Yes, there are people out there who can’t appreciate who I am or the things that I do. Imagine that.

And, yes (especially since I live in the Old South), there are people who carry on the pretentious effort of keeping up appearances. Appalling, I know.

So that business about going through the motions until the true love and appreciation catches up, does that not apply to these folks too? Do I allow them the courtesy of going through the motions until the true emotions of love and appreciation emerge?

Well, if I don’t want to be hypocritical, then I guess I have to, don’t I??

What makes me sad is that perhaps I haven’t loved or served these people as much as I should have. I haven’t been the example to them that would teach them how to truly love and appreciate others. If I were a better friend to them, then they would be too.

I guess that makes me guilty one. I think they might be able to appreciate that.

Offer hospitality to one another without grumbling. Each one should use whatever gift he has received to serve others, faithfully administering God's grace in its various forms. If anyone speaks, he should do it as one speaking the very words of God. If anyone serves, he should do it with the strength God provides, so that in all things God may be praised through Jesus Christ. To him be the glory and the power for ever and ever. Amen. 1 Peter 4:9-11

Monday, March 23, 2009

My alter ego Eve

Scott gave up coffee and Coke for Lent. He’s done very well. I think he does pretty good on doing without the coffee. It seems to get tough when the associations that come with coffee tempt him – like breakfast or cinnamon rolls. He’s already announced that we will have Easter lunch at Starbucks.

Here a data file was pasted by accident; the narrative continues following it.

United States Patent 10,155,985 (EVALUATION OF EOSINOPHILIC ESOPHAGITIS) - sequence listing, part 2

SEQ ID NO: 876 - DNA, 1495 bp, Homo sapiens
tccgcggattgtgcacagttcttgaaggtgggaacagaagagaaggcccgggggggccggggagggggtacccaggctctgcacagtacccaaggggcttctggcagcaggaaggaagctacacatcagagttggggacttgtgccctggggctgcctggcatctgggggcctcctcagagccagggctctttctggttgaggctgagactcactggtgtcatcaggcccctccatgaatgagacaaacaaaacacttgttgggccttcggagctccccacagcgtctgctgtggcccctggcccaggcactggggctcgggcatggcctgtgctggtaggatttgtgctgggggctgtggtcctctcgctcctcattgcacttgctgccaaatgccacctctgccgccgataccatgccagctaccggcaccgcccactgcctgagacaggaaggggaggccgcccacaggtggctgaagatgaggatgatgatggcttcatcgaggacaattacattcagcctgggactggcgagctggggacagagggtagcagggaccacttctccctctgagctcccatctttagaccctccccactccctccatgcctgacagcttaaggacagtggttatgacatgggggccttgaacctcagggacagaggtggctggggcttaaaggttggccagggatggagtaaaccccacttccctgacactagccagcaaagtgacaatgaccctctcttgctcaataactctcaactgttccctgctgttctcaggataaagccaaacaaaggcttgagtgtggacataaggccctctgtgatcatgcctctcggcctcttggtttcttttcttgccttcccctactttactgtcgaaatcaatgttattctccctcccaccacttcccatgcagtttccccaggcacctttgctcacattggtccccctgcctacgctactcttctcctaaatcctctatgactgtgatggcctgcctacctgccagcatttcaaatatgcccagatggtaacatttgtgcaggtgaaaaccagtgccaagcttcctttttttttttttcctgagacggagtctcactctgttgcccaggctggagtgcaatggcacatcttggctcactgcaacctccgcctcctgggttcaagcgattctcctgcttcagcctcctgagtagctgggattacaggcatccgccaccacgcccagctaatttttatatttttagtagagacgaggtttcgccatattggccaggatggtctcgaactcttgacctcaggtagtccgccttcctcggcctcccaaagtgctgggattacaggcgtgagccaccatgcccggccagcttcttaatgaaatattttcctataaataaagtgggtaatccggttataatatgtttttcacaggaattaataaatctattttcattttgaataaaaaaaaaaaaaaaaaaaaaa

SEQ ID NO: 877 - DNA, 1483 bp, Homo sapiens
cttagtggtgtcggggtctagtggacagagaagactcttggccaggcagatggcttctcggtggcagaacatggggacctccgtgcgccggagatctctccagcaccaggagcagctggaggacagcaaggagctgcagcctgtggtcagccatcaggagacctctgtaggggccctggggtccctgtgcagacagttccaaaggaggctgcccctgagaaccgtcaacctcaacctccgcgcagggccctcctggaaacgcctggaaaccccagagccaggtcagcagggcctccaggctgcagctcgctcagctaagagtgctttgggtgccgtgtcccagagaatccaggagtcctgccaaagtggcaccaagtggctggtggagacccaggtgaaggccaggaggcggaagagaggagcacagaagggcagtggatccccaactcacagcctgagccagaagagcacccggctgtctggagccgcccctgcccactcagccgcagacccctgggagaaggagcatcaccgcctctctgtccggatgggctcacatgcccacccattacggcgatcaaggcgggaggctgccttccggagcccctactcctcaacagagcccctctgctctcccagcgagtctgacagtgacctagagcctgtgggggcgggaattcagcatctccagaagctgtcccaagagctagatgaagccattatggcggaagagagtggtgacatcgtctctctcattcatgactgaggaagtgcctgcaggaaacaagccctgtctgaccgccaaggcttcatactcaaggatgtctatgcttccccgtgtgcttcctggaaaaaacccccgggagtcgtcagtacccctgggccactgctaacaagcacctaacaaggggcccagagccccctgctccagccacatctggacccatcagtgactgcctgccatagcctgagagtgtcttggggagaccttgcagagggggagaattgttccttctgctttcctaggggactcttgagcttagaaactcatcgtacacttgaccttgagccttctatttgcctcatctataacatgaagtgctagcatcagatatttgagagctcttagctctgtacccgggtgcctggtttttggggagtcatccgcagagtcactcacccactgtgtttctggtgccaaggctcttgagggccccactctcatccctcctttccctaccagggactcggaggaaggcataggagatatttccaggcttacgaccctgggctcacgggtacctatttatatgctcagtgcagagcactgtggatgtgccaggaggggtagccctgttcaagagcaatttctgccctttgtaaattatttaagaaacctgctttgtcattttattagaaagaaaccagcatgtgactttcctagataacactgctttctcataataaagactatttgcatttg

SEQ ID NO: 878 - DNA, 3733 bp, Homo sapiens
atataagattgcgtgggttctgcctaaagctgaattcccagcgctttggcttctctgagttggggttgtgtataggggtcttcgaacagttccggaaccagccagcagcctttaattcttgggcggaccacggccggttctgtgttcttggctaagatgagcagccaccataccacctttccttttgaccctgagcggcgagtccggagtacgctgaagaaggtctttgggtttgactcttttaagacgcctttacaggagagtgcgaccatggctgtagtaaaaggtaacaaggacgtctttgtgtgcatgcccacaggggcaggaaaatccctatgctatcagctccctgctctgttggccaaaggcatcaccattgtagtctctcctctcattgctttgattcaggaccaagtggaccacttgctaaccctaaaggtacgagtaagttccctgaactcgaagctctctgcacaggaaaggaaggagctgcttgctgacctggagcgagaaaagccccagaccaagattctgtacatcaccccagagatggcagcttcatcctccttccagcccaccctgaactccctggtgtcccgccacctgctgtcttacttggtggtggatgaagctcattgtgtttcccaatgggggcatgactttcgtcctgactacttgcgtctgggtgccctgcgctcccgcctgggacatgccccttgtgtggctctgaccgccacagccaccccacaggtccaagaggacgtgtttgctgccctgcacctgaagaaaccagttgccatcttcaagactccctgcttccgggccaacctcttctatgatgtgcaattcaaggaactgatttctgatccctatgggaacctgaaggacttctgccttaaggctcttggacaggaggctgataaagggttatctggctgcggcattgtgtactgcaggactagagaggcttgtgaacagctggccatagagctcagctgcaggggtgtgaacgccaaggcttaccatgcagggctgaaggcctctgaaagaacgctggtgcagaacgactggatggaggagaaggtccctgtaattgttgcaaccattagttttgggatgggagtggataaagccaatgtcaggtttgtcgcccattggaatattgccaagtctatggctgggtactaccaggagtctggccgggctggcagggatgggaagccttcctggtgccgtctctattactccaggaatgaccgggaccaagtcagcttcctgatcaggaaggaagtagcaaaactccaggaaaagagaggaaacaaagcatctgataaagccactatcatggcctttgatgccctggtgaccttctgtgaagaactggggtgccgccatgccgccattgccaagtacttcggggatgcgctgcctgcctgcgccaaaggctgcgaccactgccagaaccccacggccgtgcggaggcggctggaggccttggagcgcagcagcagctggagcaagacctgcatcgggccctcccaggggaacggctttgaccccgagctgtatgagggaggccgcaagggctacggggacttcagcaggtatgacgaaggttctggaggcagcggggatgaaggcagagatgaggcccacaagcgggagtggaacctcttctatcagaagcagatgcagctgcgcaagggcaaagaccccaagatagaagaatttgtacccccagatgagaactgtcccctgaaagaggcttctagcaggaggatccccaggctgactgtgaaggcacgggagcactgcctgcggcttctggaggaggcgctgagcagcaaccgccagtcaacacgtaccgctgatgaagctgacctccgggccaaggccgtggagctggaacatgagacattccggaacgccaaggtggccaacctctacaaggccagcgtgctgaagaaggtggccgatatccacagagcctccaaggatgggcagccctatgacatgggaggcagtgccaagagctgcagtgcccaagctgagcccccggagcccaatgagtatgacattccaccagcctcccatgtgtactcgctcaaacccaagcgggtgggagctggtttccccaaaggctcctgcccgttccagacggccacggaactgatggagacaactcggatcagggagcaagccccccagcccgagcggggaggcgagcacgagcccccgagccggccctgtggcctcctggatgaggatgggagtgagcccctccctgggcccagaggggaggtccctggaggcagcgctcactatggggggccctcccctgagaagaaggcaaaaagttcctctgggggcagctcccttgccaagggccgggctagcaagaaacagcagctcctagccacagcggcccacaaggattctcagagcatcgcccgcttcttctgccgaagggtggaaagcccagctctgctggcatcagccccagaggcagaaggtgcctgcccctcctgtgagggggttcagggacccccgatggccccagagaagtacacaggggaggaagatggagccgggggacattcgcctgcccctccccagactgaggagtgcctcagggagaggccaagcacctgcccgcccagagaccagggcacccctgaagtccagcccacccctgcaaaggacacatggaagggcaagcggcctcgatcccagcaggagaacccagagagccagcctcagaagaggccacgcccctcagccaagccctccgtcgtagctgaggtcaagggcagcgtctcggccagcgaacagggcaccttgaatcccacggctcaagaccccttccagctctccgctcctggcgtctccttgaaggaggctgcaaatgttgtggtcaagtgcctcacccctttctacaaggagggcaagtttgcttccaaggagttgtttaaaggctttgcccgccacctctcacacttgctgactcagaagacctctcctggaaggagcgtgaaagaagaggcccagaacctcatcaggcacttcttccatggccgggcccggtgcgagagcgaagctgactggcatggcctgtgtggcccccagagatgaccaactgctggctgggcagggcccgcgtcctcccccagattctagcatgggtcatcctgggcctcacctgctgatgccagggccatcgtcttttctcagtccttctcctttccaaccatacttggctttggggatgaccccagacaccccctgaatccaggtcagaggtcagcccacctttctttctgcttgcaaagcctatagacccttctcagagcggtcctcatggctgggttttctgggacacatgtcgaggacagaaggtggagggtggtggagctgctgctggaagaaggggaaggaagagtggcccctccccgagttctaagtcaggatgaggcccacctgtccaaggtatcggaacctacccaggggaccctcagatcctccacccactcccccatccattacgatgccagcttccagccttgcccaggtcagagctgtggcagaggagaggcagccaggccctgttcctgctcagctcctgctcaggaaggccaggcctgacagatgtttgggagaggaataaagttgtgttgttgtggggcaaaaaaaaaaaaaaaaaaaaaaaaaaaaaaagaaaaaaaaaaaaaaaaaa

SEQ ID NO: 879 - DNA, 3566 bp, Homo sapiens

I did not give up anything for Lent. I was in no mood to do without; or to be a failure yet again at not being able to hold out on doing without.

We have attempted to eat healthier lately, and given that, eating out is a little bit of a challenge around here. We found ourselves going to the Cracker Barrel a lot. They at least serve vegetables and you can get grilled meat. Cracker Barrel is one of the only two major franchise sit-down restaurants less than an hour’s drive from our house.

Our familiarity with it is embarrassing. We are so familiar with it that we have our own pet names for it. I call it the Barrel. Scott calls it Crackers. As in, “Hey, wanna go Crackers for lunch?”

After our one-millionth visit there, which was just a few days into Lent, I announced that I was giving up the Cracker Barrel for the rest of Lent. I could not eat another mouthful of those green beans, baby carrots, or pinto beans.

And we did give it up.

For a couple of weeks.